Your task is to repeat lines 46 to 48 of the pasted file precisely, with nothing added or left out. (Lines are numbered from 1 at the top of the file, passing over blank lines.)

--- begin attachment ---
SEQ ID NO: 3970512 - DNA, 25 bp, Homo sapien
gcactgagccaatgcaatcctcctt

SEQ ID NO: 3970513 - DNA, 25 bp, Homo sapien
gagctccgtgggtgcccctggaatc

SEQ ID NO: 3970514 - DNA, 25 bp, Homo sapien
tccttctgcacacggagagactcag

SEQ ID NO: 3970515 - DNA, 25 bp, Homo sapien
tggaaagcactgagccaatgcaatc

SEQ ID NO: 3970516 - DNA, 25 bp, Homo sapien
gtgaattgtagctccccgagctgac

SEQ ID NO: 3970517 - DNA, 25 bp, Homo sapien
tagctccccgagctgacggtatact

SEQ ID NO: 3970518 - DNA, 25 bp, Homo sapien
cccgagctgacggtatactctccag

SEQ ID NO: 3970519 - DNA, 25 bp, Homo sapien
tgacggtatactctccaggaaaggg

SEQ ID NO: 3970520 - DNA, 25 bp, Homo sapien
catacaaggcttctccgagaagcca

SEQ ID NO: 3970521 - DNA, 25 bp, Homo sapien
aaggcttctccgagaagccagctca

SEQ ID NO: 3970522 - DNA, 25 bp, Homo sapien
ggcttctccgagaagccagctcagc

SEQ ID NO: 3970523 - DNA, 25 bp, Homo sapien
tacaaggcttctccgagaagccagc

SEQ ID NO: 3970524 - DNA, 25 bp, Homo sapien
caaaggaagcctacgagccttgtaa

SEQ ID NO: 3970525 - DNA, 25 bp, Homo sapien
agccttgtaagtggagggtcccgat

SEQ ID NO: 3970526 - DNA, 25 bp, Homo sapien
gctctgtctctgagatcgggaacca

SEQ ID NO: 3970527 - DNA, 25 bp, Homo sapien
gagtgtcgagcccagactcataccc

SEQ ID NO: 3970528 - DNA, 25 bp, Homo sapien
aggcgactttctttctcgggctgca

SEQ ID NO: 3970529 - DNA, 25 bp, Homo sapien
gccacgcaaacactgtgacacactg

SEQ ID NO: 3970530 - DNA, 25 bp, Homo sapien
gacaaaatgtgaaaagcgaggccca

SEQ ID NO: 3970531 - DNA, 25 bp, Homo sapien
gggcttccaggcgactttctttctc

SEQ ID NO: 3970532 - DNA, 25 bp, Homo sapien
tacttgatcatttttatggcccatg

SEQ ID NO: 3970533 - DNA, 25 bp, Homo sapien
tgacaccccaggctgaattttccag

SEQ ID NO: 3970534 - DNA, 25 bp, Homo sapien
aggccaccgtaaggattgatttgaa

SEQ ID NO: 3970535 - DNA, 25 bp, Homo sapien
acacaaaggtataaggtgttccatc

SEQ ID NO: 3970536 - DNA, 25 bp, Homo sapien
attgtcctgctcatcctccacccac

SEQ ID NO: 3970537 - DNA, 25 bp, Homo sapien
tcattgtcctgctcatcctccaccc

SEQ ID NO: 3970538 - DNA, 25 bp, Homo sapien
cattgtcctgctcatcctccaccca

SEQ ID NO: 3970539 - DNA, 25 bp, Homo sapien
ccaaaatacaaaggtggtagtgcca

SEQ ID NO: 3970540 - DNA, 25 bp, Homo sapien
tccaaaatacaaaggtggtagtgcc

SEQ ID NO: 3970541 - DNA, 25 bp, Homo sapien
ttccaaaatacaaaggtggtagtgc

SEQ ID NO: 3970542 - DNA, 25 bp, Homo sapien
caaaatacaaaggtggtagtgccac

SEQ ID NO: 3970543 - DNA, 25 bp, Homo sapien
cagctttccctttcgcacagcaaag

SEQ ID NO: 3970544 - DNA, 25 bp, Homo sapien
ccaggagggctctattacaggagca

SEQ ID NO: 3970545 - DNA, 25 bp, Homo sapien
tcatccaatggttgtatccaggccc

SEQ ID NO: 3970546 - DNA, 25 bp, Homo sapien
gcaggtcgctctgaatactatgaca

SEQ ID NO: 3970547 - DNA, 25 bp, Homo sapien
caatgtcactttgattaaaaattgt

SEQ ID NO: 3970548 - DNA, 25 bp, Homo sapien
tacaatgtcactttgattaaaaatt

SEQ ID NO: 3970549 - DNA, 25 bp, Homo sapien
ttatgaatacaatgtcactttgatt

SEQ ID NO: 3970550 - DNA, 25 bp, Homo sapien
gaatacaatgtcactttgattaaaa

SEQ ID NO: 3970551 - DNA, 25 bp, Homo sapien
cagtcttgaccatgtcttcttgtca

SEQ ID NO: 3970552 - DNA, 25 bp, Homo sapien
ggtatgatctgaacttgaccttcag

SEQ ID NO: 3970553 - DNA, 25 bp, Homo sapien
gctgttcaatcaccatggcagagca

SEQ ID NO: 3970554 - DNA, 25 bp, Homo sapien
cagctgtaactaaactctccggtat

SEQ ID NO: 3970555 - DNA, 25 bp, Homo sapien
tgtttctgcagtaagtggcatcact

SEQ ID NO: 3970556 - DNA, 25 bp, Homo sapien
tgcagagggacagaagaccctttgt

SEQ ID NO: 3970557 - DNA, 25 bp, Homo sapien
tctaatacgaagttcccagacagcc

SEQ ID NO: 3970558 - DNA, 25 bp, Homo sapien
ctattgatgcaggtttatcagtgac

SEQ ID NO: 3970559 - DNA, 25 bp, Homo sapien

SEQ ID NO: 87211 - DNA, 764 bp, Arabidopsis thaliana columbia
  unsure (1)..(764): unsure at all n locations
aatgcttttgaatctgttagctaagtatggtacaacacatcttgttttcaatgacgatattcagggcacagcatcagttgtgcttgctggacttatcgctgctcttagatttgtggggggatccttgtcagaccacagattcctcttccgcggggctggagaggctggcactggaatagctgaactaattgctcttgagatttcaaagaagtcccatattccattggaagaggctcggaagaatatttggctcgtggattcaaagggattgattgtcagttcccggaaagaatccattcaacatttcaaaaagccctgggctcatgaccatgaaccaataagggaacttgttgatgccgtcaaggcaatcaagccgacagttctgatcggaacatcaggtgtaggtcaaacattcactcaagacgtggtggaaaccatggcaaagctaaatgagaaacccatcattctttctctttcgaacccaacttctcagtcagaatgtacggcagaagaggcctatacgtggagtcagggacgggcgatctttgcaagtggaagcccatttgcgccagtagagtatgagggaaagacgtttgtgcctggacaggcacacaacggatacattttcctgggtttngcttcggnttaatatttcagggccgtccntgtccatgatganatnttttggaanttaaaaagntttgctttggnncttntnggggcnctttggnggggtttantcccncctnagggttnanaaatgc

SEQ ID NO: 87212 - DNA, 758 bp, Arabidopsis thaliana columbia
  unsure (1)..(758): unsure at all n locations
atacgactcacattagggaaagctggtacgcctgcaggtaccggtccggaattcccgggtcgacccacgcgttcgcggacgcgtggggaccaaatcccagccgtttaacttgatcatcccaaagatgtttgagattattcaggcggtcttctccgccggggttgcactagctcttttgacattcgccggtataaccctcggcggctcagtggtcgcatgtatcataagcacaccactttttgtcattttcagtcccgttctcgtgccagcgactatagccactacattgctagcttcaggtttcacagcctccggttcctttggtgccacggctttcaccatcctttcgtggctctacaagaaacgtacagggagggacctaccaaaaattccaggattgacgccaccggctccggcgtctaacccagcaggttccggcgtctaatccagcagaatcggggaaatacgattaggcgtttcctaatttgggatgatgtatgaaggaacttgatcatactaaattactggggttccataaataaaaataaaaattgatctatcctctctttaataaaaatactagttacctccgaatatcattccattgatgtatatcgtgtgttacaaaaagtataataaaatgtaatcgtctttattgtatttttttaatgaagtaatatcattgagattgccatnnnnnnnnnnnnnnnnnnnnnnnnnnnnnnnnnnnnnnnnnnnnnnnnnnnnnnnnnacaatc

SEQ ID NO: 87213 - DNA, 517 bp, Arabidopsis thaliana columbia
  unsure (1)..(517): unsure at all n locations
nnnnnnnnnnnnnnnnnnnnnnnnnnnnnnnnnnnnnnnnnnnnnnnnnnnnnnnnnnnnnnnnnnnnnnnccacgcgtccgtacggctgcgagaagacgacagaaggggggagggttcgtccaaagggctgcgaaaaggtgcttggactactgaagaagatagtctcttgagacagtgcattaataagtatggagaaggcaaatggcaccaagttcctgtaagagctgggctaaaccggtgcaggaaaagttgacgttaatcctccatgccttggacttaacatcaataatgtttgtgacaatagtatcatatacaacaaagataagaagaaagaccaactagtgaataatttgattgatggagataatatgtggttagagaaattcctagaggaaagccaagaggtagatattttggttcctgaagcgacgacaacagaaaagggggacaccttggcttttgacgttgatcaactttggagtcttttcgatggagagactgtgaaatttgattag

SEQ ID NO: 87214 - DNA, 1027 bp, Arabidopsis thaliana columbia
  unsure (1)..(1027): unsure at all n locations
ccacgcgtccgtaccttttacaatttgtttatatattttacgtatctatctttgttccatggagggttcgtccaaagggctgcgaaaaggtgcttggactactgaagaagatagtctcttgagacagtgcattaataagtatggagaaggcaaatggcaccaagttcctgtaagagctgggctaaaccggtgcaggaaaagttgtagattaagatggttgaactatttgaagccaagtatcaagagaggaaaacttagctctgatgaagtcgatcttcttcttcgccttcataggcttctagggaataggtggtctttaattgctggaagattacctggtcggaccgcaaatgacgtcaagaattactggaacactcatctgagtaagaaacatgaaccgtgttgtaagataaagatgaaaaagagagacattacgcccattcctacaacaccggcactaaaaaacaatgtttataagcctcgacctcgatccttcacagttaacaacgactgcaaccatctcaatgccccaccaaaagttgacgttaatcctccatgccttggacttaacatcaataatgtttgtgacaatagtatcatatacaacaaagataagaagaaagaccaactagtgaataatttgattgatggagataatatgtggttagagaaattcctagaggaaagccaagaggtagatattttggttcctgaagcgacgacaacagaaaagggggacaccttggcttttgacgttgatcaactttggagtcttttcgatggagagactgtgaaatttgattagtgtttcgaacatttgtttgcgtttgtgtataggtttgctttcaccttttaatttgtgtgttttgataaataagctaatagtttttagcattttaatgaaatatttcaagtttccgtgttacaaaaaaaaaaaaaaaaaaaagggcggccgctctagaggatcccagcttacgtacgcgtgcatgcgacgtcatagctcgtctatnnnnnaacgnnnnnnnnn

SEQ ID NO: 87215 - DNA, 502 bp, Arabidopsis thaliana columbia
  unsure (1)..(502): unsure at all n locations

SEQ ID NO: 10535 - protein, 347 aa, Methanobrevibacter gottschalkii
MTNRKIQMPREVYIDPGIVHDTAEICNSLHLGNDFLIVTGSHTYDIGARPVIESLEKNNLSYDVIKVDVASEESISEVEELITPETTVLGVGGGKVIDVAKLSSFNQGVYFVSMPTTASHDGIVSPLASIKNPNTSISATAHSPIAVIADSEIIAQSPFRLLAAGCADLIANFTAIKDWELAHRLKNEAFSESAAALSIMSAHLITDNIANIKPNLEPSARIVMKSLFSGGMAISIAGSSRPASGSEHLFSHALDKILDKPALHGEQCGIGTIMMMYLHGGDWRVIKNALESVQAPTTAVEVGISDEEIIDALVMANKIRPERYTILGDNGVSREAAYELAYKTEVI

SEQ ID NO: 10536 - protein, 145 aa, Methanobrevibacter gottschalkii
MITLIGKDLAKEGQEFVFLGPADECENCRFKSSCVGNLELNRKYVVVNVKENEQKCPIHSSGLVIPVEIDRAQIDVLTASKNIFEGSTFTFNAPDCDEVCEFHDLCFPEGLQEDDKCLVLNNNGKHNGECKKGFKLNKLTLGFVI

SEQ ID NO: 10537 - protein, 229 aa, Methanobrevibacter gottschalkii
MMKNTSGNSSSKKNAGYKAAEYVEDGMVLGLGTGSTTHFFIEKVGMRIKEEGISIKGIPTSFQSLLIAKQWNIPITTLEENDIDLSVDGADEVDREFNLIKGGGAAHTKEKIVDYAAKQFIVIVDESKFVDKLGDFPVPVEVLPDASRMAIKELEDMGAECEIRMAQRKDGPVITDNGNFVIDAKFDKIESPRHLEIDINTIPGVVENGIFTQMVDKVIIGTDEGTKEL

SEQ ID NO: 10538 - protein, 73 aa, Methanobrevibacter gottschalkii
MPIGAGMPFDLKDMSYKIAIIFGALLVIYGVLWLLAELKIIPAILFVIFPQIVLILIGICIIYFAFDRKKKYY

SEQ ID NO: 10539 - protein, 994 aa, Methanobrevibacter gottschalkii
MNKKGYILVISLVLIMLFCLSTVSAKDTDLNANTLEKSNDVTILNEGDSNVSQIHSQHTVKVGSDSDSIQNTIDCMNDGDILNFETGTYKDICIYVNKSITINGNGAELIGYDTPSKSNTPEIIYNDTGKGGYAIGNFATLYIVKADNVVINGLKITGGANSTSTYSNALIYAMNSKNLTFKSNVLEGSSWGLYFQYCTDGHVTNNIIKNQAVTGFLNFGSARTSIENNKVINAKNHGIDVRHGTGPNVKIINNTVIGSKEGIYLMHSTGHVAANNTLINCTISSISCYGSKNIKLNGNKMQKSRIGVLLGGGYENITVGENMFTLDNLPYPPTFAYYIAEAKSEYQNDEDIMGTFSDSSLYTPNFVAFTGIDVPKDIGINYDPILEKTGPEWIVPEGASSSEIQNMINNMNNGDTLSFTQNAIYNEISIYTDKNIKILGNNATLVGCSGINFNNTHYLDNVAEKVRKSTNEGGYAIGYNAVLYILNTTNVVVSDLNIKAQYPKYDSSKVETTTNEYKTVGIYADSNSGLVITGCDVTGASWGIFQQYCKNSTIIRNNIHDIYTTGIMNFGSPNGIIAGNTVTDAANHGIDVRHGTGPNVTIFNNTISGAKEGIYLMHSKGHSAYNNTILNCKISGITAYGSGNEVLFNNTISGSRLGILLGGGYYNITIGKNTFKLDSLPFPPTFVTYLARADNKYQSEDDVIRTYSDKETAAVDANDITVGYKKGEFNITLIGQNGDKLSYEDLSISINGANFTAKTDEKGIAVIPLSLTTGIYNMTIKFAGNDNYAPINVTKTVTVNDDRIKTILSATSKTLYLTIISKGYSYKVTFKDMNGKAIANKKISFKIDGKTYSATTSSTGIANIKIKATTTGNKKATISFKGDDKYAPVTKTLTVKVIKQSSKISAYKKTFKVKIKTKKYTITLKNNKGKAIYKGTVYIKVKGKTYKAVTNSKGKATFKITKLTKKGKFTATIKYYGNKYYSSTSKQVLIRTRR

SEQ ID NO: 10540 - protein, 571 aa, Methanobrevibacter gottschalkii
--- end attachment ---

aggccaccgtaaggattgatttgaa

SEQ ID NO: 3970535 - DNA, 25 bp, Homo sapien
acacaaaggtataaggtgttccatc